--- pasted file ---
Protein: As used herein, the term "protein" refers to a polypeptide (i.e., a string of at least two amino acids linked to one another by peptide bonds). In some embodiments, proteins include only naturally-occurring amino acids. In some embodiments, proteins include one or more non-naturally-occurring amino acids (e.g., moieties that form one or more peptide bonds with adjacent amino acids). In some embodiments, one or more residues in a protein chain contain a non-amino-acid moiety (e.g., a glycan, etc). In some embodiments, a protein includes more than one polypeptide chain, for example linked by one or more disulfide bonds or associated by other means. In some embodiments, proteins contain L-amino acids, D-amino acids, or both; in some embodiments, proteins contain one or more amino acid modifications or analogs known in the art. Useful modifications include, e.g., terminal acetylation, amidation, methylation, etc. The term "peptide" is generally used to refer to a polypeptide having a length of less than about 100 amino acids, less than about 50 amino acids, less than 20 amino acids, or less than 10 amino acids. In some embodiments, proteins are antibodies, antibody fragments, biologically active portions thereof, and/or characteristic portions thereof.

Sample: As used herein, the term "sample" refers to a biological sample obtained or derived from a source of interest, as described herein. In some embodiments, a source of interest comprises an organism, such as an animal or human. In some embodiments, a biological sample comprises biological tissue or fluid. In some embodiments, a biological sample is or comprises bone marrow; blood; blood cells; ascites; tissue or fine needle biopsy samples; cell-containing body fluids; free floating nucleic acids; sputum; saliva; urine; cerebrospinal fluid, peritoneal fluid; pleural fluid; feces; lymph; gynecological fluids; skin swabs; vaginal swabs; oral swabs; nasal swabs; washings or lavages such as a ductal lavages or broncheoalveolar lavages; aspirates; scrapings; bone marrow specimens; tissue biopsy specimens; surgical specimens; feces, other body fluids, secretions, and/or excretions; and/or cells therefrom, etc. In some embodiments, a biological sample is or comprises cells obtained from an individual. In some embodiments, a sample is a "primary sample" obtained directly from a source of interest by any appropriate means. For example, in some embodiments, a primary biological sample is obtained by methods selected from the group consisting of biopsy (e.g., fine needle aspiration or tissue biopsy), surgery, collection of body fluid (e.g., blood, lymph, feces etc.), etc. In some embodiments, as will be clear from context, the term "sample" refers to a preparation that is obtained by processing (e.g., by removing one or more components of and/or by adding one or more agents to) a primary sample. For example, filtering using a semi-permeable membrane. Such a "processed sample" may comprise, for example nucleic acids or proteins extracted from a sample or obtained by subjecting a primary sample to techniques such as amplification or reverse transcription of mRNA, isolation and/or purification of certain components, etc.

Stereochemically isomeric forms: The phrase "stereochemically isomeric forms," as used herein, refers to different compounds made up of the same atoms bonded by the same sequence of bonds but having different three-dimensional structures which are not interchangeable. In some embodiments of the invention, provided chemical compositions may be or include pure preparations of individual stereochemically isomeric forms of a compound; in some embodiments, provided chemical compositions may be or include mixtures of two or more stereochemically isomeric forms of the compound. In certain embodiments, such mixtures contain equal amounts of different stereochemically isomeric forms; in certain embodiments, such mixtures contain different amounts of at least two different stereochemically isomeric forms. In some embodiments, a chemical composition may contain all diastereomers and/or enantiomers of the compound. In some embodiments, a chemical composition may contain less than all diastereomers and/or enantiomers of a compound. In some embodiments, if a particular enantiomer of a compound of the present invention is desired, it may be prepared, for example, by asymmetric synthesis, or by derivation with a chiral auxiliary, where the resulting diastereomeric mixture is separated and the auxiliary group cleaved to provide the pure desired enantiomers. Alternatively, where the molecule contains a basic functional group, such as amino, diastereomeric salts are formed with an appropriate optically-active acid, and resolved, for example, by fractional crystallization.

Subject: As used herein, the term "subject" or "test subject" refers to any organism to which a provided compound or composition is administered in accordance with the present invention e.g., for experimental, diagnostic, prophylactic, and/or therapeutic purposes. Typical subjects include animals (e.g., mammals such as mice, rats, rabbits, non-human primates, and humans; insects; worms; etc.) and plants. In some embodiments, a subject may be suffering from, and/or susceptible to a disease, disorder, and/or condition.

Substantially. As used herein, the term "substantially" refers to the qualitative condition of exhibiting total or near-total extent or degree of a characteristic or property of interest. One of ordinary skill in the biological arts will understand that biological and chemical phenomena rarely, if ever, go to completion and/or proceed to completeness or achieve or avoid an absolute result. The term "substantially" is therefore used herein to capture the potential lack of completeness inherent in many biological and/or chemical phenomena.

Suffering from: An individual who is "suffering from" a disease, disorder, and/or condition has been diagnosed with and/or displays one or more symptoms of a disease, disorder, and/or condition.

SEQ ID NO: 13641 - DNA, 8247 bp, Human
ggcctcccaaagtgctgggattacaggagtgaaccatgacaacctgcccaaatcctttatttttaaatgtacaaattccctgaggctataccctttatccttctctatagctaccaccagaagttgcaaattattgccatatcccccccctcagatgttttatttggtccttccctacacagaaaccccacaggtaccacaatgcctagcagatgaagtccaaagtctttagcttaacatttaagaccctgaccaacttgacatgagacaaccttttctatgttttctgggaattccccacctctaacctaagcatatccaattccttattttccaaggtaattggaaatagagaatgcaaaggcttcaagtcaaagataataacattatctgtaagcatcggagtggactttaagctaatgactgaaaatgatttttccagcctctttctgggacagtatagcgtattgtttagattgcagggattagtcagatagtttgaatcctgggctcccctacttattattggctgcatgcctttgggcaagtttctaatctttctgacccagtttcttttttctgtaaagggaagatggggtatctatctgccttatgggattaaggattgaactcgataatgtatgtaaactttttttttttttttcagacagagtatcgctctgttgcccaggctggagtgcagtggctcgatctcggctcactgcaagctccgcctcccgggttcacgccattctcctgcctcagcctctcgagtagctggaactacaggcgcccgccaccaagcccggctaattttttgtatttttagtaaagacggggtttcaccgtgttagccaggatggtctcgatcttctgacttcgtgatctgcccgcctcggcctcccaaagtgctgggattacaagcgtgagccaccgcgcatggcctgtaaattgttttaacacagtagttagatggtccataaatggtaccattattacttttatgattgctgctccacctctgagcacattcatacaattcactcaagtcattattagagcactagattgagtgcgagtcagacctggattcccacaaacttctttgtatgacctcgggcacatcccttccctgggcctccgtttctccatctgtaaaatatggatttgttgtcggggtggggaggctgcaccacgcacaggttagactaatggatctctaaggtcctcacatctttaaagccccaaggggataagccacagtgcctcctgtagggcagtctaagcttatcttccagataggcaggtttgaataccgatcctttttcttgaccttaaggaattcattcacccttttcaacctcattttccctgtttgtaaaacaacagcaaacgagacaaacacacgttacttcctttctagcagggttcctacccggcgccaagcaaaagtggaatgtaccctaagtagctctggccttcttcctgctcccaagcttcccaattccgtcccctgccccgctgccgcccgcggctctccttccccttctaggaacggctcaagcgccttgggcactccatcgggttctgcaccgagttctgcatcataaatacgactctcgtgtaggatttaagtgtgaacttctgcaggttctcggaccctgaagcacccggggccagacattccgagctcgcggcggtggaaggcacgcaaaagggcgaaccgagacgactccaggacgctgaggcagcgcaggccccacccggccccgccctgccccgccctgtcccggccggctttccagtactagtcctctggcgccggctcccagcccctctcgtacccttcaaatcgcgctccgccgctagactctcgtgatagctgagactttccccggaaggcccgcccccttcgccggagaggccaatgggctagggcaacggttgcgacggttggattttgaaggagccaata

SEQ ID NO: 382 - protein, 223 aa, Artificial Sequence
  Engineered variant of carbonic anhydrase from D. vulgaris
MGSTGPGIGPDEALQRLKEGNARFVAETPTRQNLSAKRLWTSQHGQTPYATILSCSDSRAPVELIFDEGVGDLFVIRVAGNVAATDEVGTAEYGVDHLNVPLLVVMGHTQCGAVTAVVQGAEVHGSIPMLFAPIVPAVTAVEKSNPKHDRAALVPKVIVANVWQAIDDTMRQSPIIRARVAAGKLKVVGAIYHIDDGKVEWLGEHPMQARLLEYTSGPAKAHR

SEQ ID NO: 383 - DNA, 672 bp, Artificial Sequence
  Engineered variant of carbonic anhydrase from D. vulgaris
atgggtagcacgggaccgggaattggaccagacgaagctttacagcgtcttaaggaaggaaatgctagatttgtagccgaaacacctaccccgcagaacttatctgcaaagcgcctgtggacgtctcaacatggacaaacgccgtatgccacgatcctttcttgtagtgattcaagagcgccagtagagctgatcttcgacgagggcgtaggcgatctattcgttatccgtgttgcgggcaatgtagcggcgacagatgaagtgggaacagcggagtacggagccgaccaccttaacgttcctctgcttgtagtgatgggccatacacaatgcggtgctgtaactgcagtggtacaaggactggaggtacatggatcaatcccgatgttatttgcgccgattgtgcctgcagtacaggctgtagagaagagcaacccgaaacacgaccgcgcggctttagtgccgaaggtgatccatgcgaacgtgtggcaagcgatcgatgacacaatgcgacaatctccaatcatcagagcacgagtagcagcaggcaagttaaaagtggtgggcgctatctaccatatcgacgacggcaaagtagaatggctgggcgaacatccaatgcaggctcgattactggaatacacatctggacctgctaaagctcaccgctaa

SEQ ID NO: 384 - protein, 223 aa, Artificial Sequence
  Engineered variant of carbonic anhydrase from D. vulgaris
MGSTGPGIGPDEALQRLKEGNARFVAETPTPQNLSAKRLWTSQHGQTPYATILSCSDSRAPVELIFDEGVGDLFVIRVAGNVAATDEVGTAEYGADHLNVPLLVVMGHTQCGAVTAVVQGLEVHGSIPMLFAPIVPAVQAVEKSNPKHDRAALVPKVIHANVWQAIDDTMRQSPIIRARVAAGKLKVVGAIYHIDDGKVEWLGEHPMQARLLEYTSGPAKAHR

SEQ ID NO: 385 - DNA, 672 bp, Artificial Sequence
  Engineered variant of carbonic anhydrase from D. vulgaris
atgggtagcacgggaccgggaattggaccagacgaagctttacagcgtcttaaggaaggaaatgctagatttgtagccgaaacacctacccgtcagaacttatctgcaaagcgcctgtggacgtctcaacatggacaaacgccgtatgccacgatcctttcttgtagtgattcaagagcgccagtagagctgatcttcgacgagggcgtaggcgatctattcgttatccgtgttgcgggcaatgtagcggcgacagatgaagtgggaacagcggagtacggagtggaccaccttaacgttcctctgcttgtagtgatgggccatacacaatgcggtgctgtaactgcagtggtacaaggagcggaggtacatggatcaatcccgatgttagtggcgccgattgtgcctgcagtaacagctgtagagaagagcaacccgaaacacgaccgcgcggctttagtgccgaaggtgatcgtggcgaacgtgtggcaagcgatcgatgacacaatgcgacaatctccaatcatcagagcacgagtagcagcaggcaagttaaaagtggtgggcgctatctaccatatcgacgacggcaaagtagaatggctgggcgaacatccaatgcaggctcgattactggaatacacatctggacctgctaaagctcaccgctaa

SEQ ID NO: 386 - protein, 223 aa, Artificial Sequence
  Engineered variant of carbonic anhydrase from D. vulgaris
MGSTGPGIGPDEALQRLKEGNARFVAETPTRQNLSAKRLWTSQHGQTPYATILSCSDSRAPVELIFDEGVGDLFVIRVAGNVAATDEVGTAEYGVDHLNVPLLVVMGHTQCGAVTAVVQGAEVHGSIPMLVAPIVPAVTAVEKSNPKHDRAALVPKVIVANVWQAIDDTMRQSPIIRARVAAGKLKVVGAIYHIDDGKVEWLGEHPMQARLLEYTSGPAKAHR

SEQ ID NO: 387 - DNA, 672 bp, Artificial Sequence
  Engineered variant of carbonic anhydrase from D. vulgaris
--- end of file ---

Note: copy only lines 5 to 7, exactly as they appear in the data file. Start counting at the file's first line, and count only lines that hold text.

Substantially. As used herein, the term "substantially" refers to the qualitative condition of exhibiting total or near-total extent or degree of a characteristic or property of interest. One of ordinary skill in the biological arts will understand that biological and chemical phenomena rarely, if ever, go to completion and/or proceed to completeness or achieve or avoid an absolute result. The term "substantially" is therefore used herein to capture the potential lack of completeness inherent in many biological and/or chemical phenomena.

Suffering from: An individual who is "suffering from" a disease, disorder, and/or condition has been diagnosed with and/or displays one or more symptoms of a disease, disorder, and/or condition.

SEQ ID NO: 13641 - DNA, 8247 bp, Human